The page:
Slow Cooker Secrets

Illustration by Daniel Vasconcellos,

This easy-to-use appliance will save you time & money

Using a slow cooker holds fond memories for me. I’ve been cooking with one for years. When my kids were little, we even had a couple of slow cooker traditions. One required whoever got the bay leaf so common in slow cooker recipes to sing a song.

Besides memories of my kids’ younger years and the fact that it does a good job cooking food, I love the slow cooker for its ability to save time, money and my sanity. Here’s how the slow cooker comes to the rescue.

Gets you through the witching hour

It’s that time of day when you’re trying to fix dinner but everything is working against you. Everyone is hungry and cranky. The baby cries, the phone rings, the dog barks, the kids fight, something spills or breaks, and you want to pull your hair out. You can avoid all that. Really. Do the food preparation in the morning or even the night before. Set it to cook in the slow cooker early in the day, and when the witching hour hits, you will be prepared with a hot meal all ready to go. If the afternoon is a better time for you to cook, that can work, too. Using the high setting means most recipes are done in four hours. Start your meal at 2 p.m. and have it done at 6 p.m.

Combines parts of a meal

Slow cookers are good at cooking everything together, such as meat, potatoes and vegetables, but even if you only combine two, you save time. Cook meat and potatoes in the slow cooker and all you have to do is cook a veggie at dinner time or pull out the bagged salad. You could also cook the meat and vegetables and only have a pot of rice or quinoa to cook at dinner time.

Cooks the meat fast

Meat usually takes the longest time to cook. Even if you don’t have time to prepare multiple parts of a meal, you can at least throw in some water and meat and let it cook. Dress it up a little before serving. Or, if you have an extra minute, instead of adding water, dump in gluten-free BBQ sauce, marinade or salad dressing before turning on the pot.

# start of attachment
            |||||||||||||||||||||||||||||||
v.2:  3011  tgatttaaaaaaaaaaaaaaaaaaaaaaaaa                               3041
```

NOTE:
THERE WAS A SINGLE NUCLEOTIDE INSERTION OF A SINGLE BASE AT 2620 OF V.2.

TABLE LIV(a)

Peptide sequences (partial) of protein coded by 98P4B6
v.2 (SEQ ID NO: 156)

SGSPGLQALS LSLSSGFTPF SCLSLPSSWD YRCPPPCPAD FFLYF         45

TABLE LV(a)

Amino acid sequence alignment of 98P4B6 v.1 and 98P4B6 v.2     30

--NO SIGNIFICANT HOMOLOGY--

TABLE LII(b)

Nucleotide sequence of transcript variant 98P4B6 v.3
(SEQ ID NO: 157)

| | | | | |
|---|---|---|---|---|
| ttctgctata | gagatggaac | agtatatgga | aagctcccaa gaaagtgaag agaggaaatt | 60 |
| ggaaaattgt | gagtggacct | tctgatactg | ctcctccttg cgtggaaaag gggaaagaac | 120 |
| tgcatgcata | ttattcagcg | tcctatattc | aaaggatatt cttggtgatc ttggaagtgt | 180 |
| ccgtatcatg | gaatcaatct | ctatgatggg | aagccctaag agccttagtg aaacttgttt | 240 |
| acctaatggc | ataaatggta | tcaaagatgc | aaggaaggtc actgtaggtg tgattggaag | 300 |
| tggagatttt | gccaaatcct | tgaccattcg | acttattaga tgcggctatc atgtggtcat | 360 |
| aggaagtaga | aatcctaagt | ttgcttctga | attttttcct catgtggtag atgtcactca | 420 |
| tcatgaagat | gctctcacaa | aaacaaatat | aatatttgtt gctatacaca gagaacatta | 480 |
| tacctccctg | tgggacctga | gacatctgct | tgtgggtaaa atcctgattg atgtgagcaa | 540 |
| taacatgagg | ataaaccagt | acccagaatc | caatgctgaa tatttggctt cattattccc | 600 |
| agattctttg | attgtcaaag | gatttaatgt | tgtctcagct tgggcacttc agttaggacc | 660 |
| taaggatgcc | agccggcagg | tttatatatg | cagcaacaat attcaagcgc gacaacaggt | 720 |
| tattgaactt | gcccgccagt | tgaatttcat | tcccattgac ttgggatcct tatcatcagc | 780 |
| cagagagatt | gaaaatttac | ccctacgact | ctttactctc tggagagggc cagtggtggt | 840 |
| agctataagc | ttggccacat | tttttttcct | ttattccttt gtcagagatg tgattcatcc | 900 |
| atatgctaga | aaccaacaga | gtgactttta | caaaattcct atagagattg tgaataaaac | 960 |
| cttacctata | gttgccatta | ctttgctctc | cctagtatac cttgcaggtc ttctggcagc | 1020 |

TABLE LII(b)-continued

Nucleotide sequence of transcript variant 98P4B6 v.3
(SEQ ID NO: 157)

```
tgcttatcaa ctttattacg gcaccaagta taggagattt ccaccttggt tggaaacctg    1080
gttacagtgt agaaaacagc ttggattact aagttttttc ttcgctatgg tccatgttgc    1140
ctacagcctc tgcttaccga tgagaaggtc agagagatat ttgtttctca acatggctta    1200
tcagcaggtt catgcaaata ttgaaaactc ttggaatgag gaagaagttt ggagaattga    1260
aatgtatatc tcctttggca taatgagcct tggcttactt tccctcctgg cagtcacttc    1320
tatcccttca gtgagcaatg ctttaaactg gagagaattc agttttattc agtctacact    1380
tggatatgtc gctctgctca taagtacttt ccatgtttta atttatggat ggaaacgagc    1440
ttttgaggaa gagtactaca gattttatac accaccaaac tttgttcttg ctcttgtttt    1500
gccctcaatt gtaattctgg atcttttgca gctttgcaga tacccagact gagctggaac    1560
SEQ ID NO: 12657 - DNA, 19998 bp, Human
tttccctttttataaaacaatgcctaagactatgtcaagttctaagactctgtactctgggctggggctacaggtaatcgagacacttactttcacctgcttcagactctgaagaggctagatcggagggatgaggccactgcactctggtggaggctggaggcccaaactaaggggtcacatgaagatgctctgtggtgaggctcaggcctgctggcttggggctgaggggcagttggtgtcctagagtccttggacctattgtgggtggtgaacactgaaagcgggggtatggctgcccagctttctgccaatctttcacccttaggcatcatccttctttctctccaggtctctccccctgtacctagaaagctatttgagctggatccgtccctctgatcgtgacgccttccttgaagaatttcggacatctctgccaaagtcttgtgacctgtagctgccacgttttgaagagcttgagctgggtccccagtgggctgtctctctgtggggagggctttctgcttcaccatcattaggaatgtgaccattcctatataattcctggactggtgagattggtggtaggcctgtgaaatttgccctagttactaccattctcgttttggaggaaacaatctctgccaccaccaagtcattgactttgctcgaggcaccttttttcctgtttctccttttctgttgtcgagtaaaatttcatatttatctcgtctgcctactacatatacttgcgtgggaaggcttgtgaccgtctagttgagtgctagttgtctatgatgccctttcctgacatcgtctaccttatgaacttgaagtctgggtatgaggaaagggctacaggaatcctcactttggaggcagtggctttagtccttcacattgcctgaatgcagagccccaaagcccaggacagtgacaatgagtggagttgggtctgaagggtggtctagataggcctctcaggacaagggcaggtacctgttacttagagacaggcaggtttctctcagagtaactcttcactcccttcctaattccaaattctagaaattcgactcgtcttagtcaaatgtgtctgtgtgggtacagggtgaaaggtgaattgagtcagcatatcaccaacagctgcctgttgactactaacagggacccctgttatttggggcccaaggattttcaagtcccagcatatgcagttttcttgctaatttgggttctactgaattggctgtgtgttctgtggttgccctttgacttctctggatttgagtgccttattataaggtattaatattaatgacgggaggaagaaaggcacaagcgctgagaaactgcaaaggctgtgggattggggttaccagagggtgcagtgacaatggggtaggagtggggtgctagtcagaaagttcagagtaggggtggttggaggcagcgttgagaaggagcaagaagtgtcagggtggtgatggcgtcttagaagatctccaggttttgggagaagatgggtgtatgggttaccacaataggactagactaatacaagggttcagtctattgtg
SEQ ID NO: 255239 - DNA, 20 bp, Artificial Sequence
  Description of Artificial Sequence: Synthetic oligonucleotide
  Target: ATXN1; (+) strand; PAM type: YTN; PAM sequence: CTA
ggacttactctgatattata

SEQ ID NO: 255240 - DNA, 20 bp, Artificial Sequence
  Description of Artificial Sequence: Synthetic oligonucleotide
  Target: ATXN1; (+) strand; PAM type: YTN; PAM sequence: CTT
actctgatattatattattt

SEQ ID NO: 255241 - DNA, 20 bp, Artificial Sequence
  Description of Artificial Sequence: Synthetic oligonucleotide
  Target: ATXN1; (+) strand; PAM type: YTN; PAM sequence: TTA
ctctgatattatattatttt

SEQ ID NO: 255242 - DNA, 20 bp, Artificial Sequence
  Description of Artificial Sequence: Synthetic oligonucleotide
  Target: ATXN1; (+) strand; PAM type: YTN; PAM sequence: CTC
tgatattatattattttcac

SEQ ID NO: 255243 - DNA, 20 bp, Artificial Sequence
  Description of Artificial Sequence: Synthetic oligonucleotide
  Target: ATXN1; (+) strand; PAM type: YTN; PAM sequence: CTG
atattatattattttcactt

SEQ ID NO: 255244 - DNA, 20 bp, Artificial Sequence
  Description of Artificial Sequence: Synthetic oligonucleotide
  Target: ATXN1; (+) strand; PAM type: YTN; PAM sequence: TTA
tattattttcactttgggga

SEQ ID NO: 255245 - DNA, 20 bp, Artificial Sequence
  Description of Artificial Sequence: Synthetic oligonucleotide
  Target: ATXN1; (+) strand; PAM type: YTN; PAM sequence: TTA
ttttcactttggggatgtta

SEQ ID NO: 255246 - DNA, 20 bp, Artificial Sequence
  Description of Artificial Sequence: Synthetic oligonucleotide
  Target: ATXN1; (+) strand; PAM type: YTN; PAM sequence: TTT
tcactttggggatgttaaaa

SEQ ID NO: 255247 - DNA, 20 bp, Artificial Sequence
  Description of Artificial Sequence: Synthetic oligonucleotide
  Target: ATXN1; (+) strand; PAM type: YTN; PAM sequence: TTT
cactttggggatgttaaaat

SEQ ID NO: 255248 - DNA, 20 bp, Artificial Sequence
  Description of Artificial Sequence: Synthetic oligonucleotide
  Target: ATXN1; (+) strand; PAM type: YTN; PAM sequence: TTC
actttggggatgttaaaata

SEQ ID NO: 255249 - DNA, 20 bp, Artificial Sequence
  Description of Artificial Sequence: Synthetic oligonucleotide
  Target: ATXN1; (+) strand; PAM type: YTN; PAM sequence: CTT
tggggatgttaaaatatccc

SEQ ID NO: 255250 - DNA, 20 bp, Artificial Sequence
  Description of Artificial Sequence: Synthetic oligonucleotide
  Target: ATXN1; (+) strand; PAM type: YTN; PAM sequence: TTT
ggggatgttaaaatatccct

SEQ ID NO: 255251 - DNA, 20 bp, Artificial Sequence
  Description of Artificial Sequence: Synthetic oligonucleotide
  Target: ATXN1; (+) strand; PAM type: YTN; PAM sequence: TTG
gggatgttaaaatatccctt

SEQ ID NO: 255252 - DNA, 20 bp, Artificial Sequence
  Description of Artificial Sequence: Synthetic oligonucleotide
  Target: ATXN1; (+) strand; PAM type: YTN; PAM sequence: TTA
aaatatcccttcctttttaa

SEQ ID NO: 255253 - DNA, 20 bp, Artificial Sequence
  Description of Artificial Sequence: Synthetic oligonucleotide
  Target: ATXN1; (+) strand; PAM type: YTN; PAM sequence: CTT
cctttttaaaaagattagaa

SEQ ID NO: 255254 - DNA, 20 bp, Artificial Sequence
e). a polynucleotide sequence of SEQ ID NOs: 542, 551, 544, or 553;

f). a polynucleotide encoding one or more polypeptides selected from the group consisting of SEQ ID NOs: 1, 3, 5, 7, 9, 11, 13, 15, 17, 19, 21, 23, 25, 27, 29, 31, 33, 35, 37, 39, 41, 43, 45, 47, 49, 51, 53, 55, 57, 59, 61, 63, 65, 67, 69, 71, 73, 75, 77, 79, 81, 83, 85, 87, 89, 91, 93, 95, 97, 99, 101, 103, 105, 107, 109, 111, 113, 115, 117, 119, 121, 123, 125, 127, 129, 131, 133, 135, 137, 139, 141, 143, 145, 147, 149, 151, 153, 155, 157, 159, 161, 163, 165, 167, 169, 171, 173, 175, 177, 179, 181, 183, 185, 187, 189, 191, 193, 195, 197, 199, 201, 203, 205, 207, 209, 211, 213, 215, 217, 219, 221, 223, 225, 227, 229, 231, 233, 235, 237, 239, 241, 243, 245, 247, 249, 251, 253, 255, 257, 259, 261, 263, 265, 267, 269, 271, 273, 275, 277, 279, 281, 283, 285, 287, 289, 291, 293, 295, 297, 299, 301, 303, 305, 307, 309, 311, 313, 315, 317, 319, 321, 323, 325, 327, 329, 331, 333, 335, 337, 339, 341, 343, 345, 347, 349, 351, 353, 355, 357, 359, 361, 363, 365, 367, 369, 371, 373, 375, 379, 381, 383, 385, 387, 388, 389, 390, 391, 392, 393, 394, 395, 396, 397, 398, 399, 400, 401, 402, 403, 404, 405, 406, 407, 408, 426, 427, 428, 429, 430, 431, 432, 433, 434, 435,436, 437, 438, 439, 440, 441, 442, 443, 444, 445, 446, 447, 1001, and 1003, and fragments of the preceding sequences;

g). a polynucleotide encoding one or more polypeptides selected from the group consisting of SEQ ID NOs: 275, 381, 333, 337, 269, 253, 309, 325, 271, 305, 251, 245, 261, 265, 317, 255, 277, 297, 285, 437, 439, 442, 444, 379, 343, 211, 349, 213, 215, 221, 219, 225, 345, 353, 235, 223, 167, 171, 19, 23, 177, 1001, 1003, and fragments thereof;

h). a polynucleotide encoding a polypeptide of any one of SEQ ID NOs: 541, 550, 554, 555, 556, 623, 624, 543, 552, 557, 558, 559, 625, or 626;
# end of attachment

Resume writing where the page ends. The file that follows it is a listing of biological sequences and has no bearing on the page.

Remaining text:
Keeps you out of the drive-thru

When you know after-school activities will have you running around with no time to cook, plan ahead and put dinner in the slow cooker. It’s healthier than the drive thru and cheaper than eating at a restaurant.

Saves money on cooked chicken

Gluten-free rotisserie chicken can be an easy fast meal. But with a little planning, you can purchase a whole chicken and cook it in the slow cooker for less money. You can also buy a chicken that is larger than store-bought rotisserie chickens and have leftovers for the next night’s soup or salad.

 Saves money on meat

Meat that might normally be tough turns out tender in the slow cooker. This allows you to buy less-expensive cuts.

Saves time cleaning up

Combining parts of a meal in one pot means fewer dirty dishes. For easier clean up, grease the crock or spray it with non-stick gluten-free cooking spray before adding food. If food does stick, let the crock soak. Adding a little cream of tartar to the water will help to loosen the food.

 Cooks large quantities for freezing

I recommend a 6-quart slow cooker even if you don’t have a large family. It gives you room to cook a whole chicken or large roast. When making other recipes, like stew or chili, freeze the leftovers for an easy meal to be eaten another night or for lunches. Freezer cooking is a great way to save time. You can also buy and do the prep work for two meals but freeze the ingredients for one before cooking. Then it’s ready to go into the slow cooker whenever you need it.

 Uses less energy

A slow cooker uses less energy than traditional methods of cooking, saving you money. In the summer, when you don’t want to turn on the oven and heat up your house, put dinner in the slow cooker and set it in the garage or on a covered porch to cook. Despite what you might think, the slow cooker is not just for winter meals. It’s also great for making BBQ sandwich meat or sloppy Joes.

Many slow cooker meals are naturally gluten free or only require the substitution of rice flour and gluten-free versions of ingredients such as soy sauce. You can find a large variety of recipes to suit your tastes online or in cookbooks. If your slow cooker hasn’t seen the light in a few years, try pulling it out and giving it a second chance. I bet you’ll find that it can deliver a delicious meal while saving you time and money.


Linda Etherton has been gluten free since 2000 when she was diagnosed with celiac disease. She shares gluten-free recipes, menu plans and tips at